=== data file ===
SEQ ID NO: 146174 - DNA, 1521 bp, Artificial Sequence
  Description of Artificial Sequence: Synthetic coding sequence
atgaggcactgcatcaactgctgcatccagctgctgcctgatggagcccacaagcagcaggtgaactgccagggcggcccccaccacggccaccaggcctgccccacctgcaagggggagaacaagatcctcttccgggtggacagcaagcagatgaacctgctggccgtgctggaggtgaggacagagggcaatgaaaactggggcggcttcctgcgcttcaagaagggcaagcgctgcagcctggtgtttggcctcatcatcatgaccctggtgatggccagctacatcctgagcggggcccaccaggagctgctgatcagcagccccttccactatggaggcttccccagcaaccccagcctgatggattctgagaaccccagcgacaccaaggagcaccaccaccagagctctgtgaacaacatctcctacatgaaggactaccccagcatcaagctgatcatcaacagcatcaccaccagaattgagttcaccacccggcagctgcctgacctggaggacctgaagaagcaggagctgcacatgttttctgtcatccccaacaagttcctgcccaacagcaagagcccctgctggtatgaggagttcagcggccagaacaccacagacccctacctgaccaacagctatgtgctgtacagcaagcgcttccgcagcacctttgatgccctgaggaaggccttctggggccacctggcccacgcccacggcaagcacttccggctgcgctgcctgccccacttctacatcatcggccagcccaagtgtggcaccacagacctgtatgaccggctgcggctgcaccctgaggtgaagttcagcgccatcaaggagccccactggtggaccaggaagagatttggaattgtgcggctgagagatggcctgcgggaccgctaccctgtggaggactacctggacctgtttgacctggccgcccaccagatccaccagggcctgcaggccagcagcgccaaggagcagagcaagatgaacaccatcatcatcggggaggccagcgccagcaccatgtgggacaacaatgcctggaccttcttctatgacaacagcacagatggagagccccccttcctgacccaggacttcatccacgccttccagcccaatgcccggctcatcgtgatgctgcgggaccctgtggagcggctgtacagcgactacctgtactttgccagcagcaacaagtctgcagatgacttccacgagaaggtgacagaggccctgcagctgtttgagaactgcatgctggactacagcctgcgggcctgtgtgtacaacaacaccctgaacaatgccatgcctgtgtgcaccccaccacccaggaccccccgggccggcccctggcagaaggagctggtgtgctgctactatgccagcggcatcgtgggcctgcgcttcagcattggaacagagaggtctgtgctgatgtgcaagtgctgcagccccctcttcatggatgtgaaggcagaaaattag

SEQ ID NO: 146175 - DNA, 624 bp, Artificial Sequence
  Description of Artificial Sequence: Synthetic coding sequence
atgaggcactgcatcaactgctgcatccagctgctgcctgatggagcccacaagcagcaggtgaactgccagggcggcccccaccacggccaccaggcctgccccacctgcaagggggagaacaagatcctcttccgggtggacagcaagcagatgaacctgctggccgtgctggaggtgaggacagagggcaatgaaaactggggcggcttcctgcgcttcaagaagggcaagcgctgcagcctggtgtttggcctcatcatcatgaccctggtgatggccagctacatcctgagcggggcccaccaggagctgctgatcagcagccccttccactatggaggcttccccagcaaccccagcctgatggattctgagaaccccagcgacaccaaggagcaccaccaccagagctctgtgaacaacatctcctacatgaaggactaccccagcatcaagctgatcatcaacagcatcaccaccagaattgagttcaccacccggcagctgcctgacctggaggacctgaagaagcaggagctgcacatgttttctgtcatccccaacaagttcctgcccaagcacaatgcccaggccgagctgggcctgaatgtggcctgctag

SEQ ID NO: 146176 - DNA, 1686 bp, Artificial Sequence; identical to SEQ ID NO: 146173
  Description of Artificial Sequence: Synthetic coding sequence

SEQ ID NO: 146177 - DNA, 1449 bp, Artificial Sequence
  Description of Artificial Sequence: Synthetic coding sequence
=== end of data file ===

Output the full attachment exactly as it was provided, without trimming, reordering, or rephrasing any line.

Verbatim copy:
SEQ ID NO: 146174 - DNA, 1521 bp, Artificial Sequence
  Description of Artificial Sequence: Synthetic coding sequence
atgaggcactgcatcaactgctgcatccagctgctgcctgatggagcccacaagcagcaggtgaactgccagggcggcccccaccacggccaccaggcctgccccacctgcaagggggagaacaagatcctcttccgggtggacagcaagcagatgaacctgctggccgtgctggaggtgaggacagagggcaatgaaaactggggcggcttcctgcgcttcaagaagggcaagcgctgcagcctggtgtttggcctcatcatcatgaccctggtgatggccagctacatcctgagcggggcccaccaggagctgctgatcagcagccccttccactatggaggcttccccagcaaccccagcctgatggattctgagaaccccagcgacaccaaggagcaccaccaccagagctctgtgaacaacatctcctacatgaaggactaccccagcatcaagctgatcatcaacagcatcaccaccagaattgagttcaccacccggcagctgcctgacctggaggacctgaagaagcaggagctgcacatgttttctgtcatccccaacaagttcctgcccaacagcaagagcccctgctggtatgaggagttcagcggccagaacaccacagacccctacctgaccaacagctatgtgctgtacagcaagcgcttccgcagcacctttgatgccctgaggaaggccttctggggccacctggcccacgcccacggcaagcacttccggctgcgctgcctgccccacttctacatcatcggccagcccaagtgtggcaccacagacctgtatgaccggctgcggctgcaccctgaggtgaagttcagcgccatcaaggagccccactggtggaccaggaagagatttggaattgtgcggctgagagatggcctgcgggaccgctaccctgtggaggactacctggacctgtttgacctggccgcccaccagatccaccagggcctgcaggccagcagcgccaaggagcagagcaagatgaacaccatcatcatcggggaggccagcgccagcaccatgtgggacaacaatgcctggaccttcttctatgacaacagcacagatggagagccccccttcctgacccaggacttcatccacgccttccagcccaatgcccggctcatcgtgatgctgcgggaccctgtggagcggctgtacagcgactacctgtactttgccagcagcaacaagtctgcagatgacttccacgagaaggtgacagaggccctgcagctgtttgagaactgcatgctggactacagcctgcgggcctgtgtgtacaacaacaccctgaacaatgccatgcctgtgtgcaccccaccacccaggaccccccgggccggcccctggcagaaggagctggtgtgctgctactatgccagcggcatcgtgggcctgcgcttcagcattggaacagagaggtctgtgctgatgtgcaagtgctgcagccccctcttcatggatgtgaaggcagaaaattag

SEQ ID NO: 146175 - DNA, 624 bp, Artificial Sequence
  Description of Artificial Sequence: Synthetic coding sequence
atgaggcactgcatcaactgctgcatccagctgctgcctgatggagcccacaagcagcaggtgaactgccagggcggcccccaccacggccaccaggcctgccccacctgcaagggggagaacaagatcctcttccgggtggacagcaagcagatgaacctgctggccgtgctggaggtgaggacagagggcaatgaaaactggggcggcttcctgcgcttcaagaagggcaagcgctgcagcctggtgtttggcctcatcatcatgaccctggtgatggccagctacatcctgagcggggcccaccaggagctgctgatcagcagccccttccactatggaggcttccccagcaaccccagcctgatggattctgagaaccccagcgacaccaaggagcaccaccaccagagctctgtgaacaacatctcctacatgaaggactaccccagcatcaagctgatcatcaacagcatcaccaccagaattgagttcaccacccggcagctgcctgacctggaggacctgaagaagcaggagctgcacatgttttctgtcatccccaacaagttcctgcccaagcacaatgcccaggccgagctgggcctgaatgtggcctgctag

SEQ ID NO: 146176 - DNA, 1686 bp, Artificial Sequence; identical to SEQ ID NO: 146173
  Description of Artificial Sequence: Synthetic coding sequence

SEQ ID NO: 146177 - DNA, 1449 bp, Artificial Sequence
  Description of Artificial Sequence: Synthetic coding sequence